Turkish cuisine
The peculiarity of Turkish cuisine is that it is impossible to single out one dominant dish in it, such as pasta in Italy or sauces in France - the national…

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Holidays in Turkey: sailing the four seas
What did our people not see in Turkey? They all seemed to have been in Turkey, and not once, they all know Turkey up and down, like their native district,…

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"Palandoken: reviews of skiers" or "Alpine skiing in Turkish"
In this article I will try to answer questions about the resort Palandoken, which probably long ago excite the minds of our alpine skiing community. Is it worth going to…

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Turkey transportation

Avia Post
Turkish Airlines (Turkish Airlines) serves all major Turkish cities, including the most intense destinations of Istanbul and Ankara. You can also use the services of other airlines, such as Onur Air, Fly Air, Pegasus Airlines and Atlas Jet. The main airports in Turkey are Esenboga in Ankara, Ataturk in Istanbul, Adnan Menderes in Izmir and Sabiha Gokcen forty kilometers from Istanbul.

The best way to get to and from the airport is by Havas or Dolmushi buses (small route taxis) – it will be much cheaper than taking a taxi.

Buses
The bus network in Turkey is well developed, the buses are comfortable, and the fare is relatively low (for 100 km – from 2 to 5 dollars), so an 8-hour journey from Istanbul to. Ankara (450 km) will cost you $ 15 – $ 30, depending on the bus company (and if you buy a ticket for a night flight, you can save on a hotel, and even cooler at night).
The best in terms of price with the level of service are the companies Ulusoy and Varan (www.ulusoy.com.tr/eng, www.varan.com.tr)
Also, one of the most famous companies METRO (www.metroturizm.com.tr), which has a great new transport, auto-routes work on the routes, water is poured on the way.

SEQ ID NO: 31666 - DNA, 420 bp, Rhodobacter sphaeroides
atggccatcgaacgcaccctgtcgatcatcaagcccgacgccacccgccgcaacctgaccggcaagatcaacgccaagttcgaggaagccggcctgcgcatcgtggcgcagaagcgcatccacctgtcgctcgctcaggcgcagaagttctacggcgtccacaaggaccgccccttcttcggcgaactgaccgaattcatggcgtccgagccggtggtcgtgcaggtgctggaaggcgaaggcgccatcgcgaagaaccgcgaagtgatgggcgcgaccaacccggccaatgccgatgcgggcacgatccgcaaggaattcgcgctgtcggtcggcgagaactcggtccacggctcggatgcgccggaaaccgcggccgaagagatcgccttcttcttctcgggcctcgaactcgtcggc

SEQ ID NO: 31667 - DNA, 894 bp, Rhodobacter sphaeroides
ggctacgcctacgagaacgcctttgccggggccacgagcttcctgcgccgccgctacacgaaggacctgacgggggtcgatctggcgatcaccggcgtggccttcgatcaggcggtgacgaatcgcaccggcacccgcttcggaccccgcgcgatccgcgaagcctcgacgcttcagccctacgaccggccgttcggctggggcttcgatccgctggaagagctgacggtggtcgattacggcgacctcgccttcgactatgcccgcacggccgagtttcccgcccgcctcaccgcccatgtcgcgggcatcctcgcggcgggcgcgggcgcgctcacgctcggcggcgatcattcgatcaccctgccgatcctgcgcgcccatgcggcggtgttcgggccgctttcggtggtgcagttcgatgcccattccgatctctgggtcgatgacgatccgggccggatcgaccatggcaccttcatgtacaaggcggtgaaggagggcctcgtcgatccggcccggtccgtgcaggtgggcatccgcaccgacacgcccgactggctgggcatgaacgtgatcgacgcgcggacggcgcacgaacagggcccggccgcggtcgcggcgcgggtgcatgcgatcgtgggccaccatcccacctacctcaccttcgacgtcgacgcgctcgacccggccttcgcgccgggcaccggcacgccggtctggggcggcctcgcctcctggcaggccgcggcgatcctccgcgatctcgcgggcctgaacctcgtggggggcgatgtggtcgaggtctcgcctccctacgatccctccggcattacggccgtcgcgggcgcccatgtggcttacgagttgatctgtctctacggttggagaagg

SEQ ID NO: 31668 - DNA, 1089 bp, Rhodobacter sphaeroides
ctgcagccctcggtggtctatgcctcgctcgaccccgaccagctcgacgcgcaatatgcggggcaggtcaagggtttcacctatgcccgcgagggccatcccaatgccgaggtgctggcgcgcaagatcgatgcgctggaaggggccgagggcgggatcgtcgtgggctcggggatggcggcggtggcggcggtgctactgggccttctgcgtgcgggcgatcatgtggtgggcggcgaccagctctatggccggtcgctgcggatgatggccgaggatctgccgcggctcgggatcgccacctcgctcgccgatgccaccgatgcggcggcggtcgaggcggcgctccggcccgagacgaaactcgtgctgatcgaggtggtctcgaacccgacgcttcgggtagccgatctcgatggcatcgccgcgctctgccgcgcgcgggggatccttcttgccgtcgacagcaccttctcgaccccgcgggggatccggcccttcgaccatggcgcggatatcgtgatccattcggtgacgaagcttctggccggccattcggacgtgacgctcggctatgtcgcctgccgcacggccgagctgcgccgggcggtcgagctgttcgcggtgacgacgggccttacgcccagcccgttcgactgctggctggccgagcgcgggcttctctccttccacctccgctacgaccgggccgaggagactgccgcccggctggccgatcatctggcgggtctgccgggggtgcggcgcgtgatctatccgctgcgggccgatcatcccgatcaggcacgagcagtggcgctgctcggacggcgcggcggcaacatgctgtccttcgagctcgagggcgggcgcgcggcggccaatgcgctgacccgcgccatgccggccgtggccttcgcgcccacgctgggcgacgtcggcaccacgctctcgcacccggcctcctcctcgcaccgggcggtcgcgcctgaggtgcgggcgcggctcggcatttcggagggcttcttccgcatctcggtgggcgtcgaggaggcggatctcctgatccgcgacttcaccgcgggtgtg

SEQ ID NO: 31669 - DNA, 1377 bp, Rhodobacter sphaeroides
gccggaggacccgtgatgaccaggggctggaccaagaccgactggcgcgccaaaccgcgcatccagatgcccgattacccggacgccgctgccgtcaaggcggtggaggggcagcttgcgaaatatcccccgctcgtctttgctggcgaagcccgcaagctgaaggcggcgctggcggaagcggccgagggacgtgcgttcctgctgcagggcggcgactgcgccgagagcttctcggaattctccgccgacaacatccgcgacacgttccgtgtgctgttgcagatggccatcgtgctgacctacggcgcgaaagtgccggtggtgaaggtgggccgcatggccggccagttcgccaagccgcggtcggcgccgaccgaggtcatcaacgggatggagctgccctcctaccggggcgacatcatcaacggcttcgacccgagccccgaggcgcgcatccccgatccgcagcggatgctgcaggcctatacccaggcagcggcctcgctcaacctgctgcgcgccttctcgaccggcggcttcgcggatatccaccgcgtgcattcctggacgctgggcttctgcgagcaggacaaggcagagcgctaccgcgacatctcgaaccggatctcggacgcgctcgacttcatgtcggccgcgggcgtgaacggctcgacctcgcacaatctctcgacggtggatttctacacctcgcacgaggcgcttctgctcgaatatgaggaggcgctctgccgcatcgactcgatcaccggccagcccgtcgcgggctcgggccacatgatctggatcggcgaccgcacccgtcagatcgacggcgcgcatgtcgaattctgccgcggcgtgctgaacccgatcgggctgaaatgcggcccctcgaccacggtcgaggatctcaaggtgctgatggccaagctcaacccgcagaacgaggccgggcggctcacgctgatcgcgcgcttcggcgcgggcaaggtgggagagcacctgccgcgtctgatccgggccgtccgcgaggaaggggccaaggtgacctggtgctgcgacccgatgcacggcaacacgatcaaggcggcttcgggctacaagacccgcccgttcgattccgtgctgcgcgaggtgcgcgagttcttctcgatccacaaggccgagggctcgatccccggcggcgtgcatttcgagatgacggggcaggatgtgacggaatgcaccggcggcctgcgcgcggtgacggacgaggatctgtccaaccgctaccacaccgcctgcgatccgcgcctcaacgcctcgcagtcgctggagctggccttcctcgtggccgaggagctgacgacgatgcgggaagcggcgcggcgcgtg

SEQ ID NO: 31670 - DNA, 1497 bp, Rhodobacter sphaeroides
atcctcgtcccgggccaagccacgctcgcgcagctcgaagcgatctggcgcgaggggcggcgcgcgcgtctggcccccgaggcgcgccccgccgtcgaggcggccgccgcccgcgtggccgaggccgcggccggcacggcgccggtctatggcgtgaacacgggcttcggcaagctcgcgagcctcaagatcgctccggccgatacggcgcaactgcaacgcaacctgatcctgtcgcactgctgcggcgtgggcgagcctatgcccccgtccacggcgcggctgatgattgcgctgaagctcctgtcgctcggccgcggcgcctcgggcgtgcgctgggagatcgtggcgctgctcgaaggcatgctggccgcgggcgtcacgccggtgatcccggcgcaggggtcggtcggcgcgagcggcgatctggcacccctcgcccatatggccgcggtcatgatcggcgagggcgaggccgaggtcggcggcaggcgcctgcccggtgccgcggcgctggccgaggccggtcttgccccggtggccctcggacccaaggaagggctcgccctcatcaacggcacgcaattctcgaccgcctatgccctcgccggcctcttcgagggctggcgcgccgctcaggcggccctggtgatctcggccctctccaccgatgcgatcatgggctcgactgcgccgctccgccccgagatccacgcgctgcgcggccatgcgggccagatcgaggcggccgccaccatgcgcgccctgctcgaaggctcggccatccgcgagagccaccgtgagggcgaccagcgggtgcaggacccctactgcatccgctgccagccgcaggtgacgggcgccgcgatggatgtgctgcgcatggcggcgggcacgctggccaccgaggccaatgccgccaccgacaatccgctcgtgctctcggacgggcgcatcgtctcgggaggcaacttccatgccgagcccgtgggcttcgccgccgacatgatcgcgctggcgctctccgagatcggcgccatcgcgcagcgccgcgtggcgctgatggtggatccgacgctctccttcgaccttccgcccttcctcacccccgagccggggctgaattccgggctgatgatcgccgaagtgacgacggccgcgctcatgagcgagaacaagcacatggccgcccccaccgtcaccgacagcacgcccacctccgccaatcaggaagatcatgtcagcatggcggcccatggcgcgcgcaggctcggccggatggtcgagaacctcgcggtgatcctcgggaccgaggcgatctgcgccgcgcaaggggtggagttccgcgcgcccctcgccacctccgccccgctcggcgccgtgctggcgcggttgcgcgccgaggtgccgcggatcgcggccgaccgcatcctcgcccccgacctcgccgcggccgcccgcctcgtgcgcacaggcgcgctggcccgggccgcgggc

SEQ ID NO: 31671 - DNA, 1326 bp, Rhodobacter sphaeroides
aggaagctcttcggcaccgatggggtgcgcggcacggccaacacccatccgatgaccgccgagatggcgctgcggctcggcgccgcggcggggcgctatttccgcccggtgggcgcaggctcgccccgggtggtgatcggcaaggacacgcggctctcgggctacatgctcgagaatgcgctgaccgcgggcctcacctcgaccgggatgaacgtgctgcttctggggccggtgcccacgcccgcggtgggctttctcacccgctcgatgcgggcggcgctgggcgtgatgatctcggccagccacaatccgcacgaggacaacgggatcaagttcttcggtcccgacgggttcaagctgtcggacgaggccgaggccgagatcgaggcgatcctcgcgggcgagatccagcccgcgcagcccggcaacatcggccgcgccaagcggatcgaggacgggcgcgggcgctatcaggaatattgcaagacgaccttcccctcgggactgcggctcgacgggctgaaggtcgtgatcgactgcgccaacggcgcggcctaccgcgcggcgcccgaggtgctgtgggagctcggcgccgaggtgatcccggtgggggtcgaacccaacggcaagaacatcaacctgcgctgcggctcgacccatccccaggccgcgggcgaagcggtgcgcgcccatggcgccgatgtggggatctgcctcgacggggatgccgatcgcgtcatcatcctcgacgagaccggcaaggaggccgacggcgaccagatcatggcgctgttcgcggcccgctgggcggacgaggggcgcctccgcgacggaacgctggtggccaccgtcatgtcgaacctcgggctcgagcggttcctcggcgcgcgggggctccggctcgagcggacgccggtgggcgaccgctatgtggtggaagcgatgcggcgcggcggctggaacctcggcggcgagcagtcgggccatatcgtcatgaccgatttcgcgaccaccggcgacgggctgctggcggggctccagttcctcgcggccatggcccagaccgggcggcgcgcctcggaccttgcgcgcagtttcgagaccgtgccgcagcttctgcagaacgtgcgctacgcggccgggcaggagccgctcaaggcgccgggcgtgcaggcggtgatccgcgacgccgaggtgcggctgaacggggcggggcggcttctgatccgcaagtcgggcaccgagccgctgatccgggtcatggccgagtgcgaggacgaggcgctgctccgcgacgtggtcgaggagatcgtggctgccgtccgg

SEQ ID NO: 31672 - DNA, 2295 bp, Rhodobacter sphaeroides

Railway
The Turkish railway connects many cities in Turkey, but there are no high-speed trains in the country, so this journey will take longer than a bus. It is recommended to travel only by high-speed trains that run between Ankara, Istanbul and Izmir. They are comfortable and relatively inexpensive.
The station name does not always coincide with the name of the city, so if you need Istanbul, you should look for the name Haydarpasa (Haydarpasa) and Sirkeci (Sirkeci) – stations in the Asian and European parts of the city, in the case of Izmir – these are Basmane (Basmane) and Alsancak ( Alsandzhak).
The pride of the Turkish railway is the high-speed train Fatih Ekspresi (Fatih Ekspresi), which circulates between Istanbul and Ankara, with first-class Pullman cars, video and lunch service right on the spot (as on a plane). Express leaves at 10:30 and arrives at 18:00, which is faster than most buses.
Tickets for all high-speed trains must be ordered or bought in advance (at least a few days). Discounts: return tickets (Gidis-Dunus – Gidis-Dunyush) – 20%, for students and couples – from 20 to 30%.
Turkish Railways website www.tcdd.gov.tr/tcdding/index.htm.

Car
Speed ​​limits: in the city – 50 km / h, outside the city – 90 km / h.
There are few highways, most roads have two lanes and wind along serpentines along hillsides. You should be especially careful at night, cars can drive without lights on and can stop right in the middle of the road.
Gasoline happens – normal (normal), super (syuper) and kursunsuz (kurshunsuz). Petrol stations are everywhere (only in the eastern regions of Anatolia there can be difficulties with finding them). Many stations operate until late at night or around the clock, so refueling problems will not cause, at least on major highways.

Sea transport
The Turkish Sea Lines Company (TML) operates ferry flights along the shores of the Marmara, Aegean and Mediterranean Seas on the route Istanbul – Izmir (19 hours – $ 20) – Kusadasi – Marmaris – Fethiye – Antalya – Alanya and back.
From late May to September, the company flies along the Black Sea coast from Istanbul to Trabzon ($ 30- $ 85). In addition, TML organizes a ferry service from Turkish port cities to Greek islands (Lesbos, Chios, Samos, Rhodes, Cyprus).

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